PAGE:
Teaching Toolbox is Old School Business Card

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Project by rdwile posted 01-14-2020 03:45 PM 901 views 2 times favorited 11 comments Add to Favorites Watch

Now that I am fully retired from the IT world, I am turning my time into more woodworking outreach. I have been doing some extensive writing, mostly for Furniture and Cabinetmaking magazine in the UK. Recently I have decided to do some teaching to share my knowledge and experience. From courses I have taken in the past I have been most impressed by my instructors’ past builds, whether it was rockers or casework.

I felt I should do the same and have seen a number of very old toolboxes which are heavily adorned on the interior. In Victorian times, the cabinetmaker’s tool box was his resume, like his business card and demonstrated his worthiness to be hired. I took a page from this book when designing this toolbox, which accompanies me to the classroom. It exhibits many aspects of the craft to show that I can do this woodworking thing okay!

Sized to fit the tools I travel with and built from some very nice curly maple, with a gorgeous spalted maple bookmatched top. The case and the piston fit tray insert are dovetailed, and the inside of the piston fit lid is veneered in a pattern I have used several times in the past. The lower section is adorned in some nice wood tartan, living in the North American capital of Scottish heritage I felt it only appropriate to go this route.

Of course the lid design also incorporates a mini version of my plane hammer that is sold by Lee Valley, epoxied to the hand-hammered copper ‘sun’.

-- Richard D. Wile, IG: @rdwile

11 comments so far

View MrWolfe's profile


616 posts in 730 days

#1 posted 01-14-2020 05:37 PM

Beautiful build!
That is a great toolbox and showcases many woodworking skills.
The inside of the lid is gorgeous.

View rdwile's profile


167 posts in 2718 days

#2 posted 01-14-2020 06:20 PM

Thanks Jon!

Beautiful build!
That is a great toolbox and showcases many woodworking skills.
The inside of the lid is gorgeous.

- MrWolfe

-- Richard D. Wile, IG: @rdwile

View BurlyBob's profile


6912 posts in 2872 days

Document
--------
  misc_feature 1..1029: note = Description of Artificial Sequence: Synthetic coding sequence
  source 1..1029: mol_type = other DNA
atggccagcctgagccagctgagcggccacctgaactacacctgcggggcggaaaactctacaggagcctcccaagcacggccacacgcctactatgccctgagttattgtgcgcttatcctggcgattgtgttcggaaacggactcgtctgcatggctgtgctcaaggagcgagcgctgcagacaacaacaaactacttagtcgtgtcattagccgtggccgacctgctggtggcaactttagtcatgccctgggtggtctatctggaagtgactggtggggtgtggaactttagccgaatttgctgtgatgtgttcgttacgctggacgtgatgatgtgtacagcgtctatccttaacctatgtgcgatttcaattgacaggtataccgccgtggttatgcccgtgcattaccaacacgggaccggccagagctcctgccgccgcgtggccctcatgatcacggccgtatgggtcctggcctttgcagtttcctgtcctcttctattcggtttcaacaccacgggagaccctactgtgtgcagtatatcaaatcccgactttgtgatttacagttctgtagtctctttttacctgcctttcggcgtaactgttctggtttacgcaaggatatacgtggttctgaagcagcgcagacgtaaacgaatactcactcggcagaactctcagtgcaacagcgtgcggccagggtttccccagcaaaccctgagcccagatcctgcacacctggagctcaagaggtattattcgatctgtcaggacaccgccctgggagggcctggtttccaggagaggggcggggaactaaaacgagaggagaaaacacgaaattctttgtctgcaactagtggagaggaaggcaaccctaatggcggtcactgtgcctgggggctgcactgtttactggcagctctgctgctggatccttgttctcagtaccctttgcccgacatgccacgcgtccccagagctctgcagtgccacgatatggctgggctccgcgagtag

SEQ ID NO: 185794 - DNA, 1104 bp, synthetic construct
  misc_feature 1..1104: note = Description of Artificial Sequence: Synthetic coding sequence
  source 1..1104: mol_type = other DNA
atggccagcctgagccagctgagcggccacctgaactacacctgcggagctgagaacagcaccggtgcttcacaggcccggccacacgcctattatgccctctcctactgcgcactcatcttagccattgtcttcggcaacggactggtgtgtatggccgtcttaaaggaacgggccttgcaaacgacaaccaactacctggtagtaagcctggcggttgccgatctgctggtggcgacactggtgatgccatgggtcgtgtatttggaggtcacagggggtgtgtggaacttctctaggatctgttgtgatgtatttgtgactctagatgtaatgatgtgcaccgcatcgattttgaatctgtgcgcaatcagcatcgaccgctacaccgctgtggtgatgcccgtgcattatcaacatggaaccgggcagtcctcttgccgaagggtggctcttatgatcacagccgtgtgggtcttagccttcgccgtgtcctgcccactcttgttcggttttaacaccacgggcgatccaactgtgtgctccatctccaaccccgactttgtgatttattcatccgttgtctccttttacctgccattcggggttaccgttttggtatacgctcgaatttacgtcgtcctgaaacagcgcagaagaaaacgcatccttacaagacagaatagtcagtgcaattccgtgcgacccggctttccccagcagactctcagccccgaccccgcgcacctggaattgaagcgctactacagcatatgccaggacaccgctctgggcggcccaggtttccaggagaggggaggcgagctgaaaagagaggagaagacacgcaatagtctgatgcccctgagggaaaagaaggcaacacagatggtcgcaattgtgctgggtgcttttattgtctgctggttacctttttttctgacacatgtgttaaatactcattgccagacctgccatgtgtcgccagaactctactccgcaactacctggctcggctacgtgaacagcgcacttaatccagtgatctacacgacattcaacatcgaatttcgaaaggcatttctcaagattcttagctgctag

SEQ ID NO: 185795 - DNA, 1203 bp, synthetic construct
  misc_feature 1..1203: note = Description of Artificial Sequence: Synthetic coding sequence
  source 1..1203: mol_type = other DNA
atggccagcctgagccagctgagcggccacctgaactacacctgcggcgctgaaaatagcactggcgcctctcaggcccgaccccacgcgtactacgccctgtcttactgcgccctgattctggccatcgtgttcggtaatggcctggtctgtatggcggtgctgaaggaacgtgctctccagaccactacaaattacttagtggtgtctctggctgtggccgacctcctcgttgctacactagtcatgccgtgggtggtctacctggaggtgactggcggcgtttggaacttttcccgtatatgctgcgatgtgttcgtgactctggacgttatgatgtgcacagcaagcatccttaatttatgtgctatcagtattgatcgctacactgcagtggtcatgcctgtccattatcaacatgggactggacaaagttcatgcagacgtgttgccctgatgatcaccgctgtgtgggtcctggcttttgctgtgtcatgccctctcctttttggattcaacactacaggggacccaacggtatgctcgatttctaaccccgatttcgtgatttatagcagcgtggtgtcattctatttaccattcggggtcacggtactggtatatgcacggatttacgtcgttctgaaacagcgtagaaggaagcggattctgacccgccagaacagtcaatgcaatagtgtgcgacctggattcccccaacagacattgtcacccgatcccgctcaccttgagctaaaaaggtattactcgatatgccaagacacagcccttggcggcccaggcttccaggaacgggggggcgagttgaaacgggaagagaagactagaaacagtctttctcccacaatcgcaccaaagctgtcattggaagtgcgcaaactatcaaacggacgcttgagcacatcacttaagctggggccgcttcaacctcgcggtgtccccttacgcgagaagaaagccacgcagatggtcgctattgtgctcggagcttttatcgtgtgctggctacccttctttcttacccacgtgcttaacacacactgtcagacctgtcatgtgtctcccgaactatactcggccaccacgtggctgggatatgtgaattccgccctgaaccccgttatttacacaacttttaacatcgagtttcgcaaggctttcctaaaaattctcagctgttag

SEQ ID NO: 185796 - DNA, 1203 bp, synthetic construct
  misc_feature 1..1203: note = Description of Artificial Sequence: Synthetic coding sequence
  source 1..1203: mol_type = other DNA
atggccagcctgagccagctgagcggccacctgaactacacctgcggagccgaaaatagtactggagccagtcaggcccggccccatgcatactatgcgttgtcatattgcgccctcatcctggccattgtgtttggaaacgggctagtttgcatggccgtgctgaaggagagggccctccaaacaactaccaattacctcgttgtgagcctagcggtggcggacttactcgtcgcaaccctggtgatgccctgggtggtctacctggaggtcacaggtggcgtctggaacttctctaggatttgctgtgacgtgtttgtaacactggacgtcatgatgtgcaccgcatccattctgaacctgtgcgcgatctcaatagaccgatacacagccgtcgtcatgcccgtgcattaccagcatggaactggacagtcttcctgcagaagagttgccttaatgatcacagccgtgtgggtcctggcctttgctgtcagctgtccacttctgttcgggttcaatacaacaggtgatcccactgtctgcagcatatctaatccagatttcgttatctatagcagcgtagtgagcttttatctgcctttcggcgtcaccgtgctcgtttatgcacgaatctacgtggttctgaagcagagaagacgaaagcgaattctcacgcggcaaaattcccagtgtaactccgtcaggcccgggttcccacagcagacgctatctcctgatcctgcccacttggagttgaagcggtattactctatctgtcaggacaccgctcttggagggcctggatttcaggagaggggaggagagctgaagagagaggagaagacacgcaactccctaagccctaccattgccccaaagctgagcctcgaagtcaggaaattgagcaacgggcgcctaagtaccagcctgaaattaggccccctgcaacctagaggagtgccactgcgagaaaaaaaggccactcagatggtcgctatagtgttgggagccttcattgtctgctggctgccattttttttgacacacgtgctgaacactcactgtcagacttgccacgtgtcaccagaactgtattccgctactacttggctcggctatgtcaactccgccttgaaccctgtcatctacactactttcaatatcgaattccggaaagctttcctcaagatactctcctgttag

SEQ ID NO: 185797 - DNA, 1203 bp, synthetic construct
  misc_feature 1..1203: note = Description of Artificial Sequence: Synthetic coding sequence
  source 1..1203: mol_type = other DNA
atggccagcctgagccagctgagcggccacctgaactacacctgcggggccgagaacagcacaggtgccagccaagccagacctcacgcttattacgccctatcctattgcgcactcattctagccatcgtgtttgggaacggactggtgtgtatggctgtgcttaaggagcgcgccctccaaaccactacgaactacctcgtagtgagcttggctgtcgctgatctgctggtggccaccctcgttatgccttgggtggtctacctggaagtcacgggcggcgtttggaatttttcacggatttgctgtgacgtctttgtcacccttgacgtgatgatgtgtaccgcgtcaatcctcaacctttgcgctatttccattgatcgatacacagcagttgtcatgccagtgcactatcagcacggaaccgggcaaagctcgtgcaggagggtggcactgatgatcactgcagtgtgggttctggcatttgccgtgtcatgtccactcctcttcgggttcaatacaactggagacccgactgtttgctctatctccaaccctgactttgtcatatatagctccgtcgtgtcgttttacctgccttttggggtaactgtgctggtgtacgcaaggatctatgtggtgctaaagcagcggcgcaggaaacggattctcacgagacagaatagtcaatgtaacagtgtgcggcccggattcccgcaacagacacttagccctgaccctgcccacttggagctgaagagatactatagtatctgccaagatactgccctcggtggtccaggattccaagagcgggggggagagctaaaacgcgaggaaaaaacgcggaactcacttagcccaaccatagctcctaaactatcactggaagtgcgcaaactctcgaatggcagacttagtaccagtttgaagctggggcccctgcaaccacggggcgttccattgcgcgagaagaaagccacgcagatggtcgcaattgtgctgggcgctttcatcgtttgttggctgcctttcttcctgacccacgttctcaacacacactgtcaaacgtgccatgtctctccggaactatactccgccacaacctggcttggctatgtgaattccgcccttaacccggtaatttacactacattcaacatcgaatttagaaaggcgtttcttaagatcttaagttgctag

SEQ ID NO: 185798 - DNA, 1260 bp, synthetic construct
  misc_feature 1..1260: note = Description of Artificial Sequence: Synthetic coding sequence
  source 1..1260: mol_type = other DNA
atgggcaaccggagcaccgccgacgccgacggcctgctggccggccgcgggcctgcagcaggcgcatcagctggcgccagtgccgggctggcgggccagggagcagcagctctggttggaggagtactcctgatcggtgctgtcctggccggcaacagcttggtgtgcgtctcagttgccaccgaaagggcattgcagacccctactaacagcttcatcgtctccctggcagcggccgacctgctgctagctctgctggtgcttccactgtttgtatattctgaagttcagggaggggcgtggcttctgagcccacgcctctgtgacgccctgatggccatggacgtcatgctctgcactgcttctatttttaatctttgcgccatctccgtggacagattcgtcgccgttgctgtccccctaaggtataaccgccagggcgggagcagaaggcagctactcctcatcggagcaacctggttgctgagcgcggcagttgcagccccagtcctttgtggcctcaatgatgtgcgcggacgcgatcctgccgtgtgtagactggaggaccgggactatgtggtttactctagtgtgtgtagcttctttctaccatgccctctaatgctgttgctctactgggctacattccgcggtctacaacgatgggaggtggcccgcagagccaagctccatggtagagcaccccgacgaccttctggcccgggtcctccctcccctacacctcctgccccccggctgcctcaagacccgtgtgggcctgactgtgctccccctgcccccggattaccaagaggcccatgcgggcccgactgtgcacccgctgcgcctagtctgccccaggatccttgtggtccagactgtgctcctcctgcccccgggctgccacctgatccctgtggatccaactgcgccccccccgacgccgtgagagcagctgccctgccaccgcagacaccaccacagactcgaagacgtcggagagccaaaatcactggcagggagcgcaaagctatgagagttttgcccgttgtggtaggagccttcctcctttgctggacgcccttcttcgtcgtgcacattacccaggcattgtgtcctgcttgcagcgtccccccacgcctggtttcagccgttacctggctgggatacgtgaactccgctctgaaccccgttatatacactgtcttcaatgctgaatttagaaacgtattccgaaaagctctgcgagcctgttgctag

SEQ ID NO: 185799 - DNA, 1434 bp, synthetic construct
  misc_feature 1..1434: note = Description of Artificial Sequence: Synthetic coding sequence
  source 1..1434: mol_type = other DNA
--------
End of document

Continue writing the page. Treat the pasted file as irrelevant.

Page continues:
#3 posted 01-15-2020 01:13 AM

I totally agree. A wonderful piece with wonderful display of woods and joinery. Well done there!

View AJ1104's profile


938 posts in 2266 days

#4 posted 01-15-2020 01:36 AM

Richard, A truly beautiful piece ! Like your other projects, this is top notch.

-- AJ

View swirt's profile


4570 posts in 3579 days

#5 posted 01-15-2020 02:16 AM

Quite impressive. Well done.

-- Galootish log blog,

View Dave Polaschek's profile

Dave Polaschek

4454 posts in 1189 days

#6 posted 01-15-2020 03:17 AM

That’s a great looking toolbox, Richard!

-- Dave - Santa Fe

View Peteybadboy's profile


1480 posts in 2556 days

#7 posted 01-15-2020 11:14 AM

That is awsome! I appreciate the tribute to the past. Nicley done!

-- Petey

View rdwile's profile


167 posts in 2718 days

#8 posted 01-15-2020 11:36 AM

Thanks all for the kind words, pretty pleased with how this one turned out.

-- Richard D. Wile, IG: @rdwile

View EarlS's profile


3427 posts in 2955 days

#9 posted 01-15-2020 01:15 PM

Great looking tool box. The small hammer on the inside of the lid made me look even closer. The “tartan” was another subtle feature that caught my eye. Of course the veneer is also a nice surprise when the lid is opened.

Good looking shop helper too.

I have the same opinion that you do, that tool boxes and such should demonstrate the woodworker’s skill. One of my favorites is the Studley Tool Chest, a work of art. Plus, they are fun to build and “decorate”.

-- Earl "I'm a pessamist - generally that increases the chance that things will turn out better than expected"

View therealSteveN's profile


4646 posts in 1181 days

#10 posted 01-16-2020 02:40 AM

Impressive toolbox. What is the weight loaded?

-- Think safe, be safe

View rdwile's profile


167 posts in 2718 days

#11 posted 01-16-2020 12:35 PM

Impressive toolbox. What is the weight loaded?

- therealSteveN

Thanks! I think it weighs about 25 pounds fully loaded. Not light, but can be carried. I made the bottom panel protrude about 3/8” to give some grip to pick it up, you can see this detail in the second picture.

-- Richard D. Wile, IG: @rdwile

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